Family farmers represent the backbone of the American agricultural economy. They are hardworking and family-oriented. They may also, however, come from humble backgrounds and may not realize that the success of their family farming business gives them a great need for detailed estate planning, even though it definitely does.

Estate planning for a farm family can achieve many benefits. One of the chief benefits is to ensure the continued and uninterrupted operation of the farming business. To accomplish this goal, it is important to identify who you want to take over the farm after you die, and also make sure that the person you’ve identified is interested in taking on that responsibility. That’s why, with farm families, as with so many families, detailed and honest communications between you and your loved ones is a necessary precursor to estate planning. With proper communication, you can make sure that everyone is on the same page when it comes to handing down control of the farm’s operations.

Once you’ve decided on the “who” part of your plan, you and your estate planning attorney can get to work on the “how” part. Working with a knowledgeable attorney is important, because there are lots of varieties of estate plans that can be dangerous for farming families. For example, let’s assume that, as one of your goals, you want to save your loved ones the time, stress and expense of probate. One strategy that can avoid probate, which some people use, is to deed over the farm to the person who will to take over, while retaining a life estate for yourself. This probably will succeed in avoiding probate but, if your farming business has been successful enough that avoiding death taxes is another necessary goal, this plan may come up short. Using this plan will place the full value of your farm in your gross estate for Federal Estate Tax purposes and, depending on your circumstances, may leave your loved ones with a huge tax bill. 

You may be thinking, “The Federal Estate Tax exemption is so high, surely I don’t need to worry about that.” This can be a mistake, especially if you own a large farm. Depending on your acreage and the quality of your soil, your farm, if it is large, could by itself realistically have a value that clears the current exemption levels. What’s more, if your neighbors succeed in selling their farmland for high amounts, that may raise the “fair market value” of your land and make the FMV of your farm jump by millions of dollars very abruptly. In other words, it is important to create a plan that takes the potential risk of death taxes into consideration and, once you’ve put that plan together, to review and update it regularly to factor in any changes in death tax laws.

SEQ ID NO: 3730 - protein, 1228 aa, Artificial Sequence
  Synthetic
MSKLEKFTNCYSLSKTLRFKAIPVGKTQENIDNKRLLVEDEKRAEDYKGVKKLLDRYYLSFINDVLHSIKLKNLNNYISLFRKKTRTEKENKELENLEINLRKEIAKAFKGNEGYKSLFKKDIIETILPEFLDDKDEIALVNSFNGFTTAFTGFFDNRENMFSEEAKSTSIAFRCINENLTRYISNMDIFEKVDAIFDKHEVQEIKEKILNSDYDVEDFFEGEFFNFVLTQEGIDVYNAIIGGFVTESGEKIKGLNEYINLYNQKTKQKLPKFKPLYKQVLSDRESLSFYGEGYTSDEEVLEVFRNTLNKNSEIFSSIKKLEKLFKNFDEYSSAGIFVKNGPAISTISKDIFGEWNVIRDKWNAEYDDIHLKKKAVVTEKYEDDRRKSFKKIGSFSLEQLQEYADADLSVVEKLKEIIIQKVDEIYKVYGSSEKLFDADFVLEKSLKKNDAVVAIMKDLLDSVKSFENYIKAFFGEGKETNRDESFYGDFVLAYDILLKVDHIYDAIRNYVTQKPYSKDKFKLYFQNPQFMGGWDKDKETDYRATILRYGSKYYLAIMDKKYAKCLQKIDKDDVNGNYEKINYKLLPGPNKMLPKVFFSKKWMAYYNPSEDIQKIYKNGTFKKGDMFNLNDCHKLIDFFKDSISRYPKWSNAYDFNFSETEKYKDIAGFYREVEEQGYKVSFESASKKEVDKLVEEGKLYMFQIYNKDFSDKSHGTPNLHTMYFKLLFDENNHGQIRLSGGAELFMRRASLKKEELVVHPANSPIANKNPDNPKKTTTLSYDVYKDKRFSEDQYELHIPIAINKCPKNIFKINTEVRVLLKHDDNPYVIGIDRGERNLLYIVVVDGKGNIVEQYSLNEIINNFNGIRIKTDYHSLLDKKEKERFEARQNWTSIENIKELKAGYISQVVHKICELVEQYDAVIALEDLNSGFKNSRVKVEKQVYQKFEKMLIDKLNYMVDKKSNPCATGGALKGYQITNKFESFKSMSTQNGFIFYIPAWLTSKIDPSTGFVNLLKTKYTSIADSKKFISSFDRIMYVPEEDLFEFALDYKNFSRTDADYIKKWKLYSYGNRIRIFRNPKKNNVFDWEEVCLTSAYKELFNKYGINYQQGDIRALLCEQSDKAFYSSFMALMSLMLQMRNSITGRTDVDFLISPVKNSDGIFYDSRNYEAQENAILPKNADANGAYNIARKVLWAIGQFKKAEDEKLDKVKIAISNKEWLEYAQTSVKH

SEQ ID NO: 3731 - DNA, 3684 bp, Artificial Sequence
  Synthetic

Another plan that some farmers might use to avoid probate is to “add” to the farm’s property deed the name of the child whom they want to take over upon their death. Again, this can avoid probate but potentially opens up many other risks. That child is now a full and current co-owner, which means that, if he becomes liable for a court judgment (such as an auto accident or a divorce,) the farm could be taken away from the family in order to satisfy this legal judgment. A proper plan can give you benefits of probate avoidance while also ensuring that you do not open yourself up to other pitfalls.  

This article is published by the Legacy Assurance Plan and is intended for general informational purposes only. Some information may not apply to your situation. It does not, nor is it intended, to constitute legal advice. You should consult with an attorney regarding any specific questions about probate, living probate or other estate planning matters. Legacy Assurance Plan is an estate planning services-company and is not a lawyer or law firm and is not engaged in the practice of law. For more information about this and other estate planning matters visit our website at

This article written and published by:
8039 Cooper Creek Blvd
University Park, Florida 34201
844.306.5272 (Phone)

Tuesday, November 8, 2016

Estate Planning For Blended Families | Why Careful Planning Is So Important

Summary: Almost everyone has a high need for an estate plan. For some groups of people, this need is especially high. One of these groups is people who have blended families. If you have remarried but have children from a previous marriage or relationship, a well-crafted and executed estate plan can allow you to take control and leave the legacy you want for each of the loved ones in your life, as opposed to leaving the determination of these distributions to the prefabricated solutions of your state's statutes.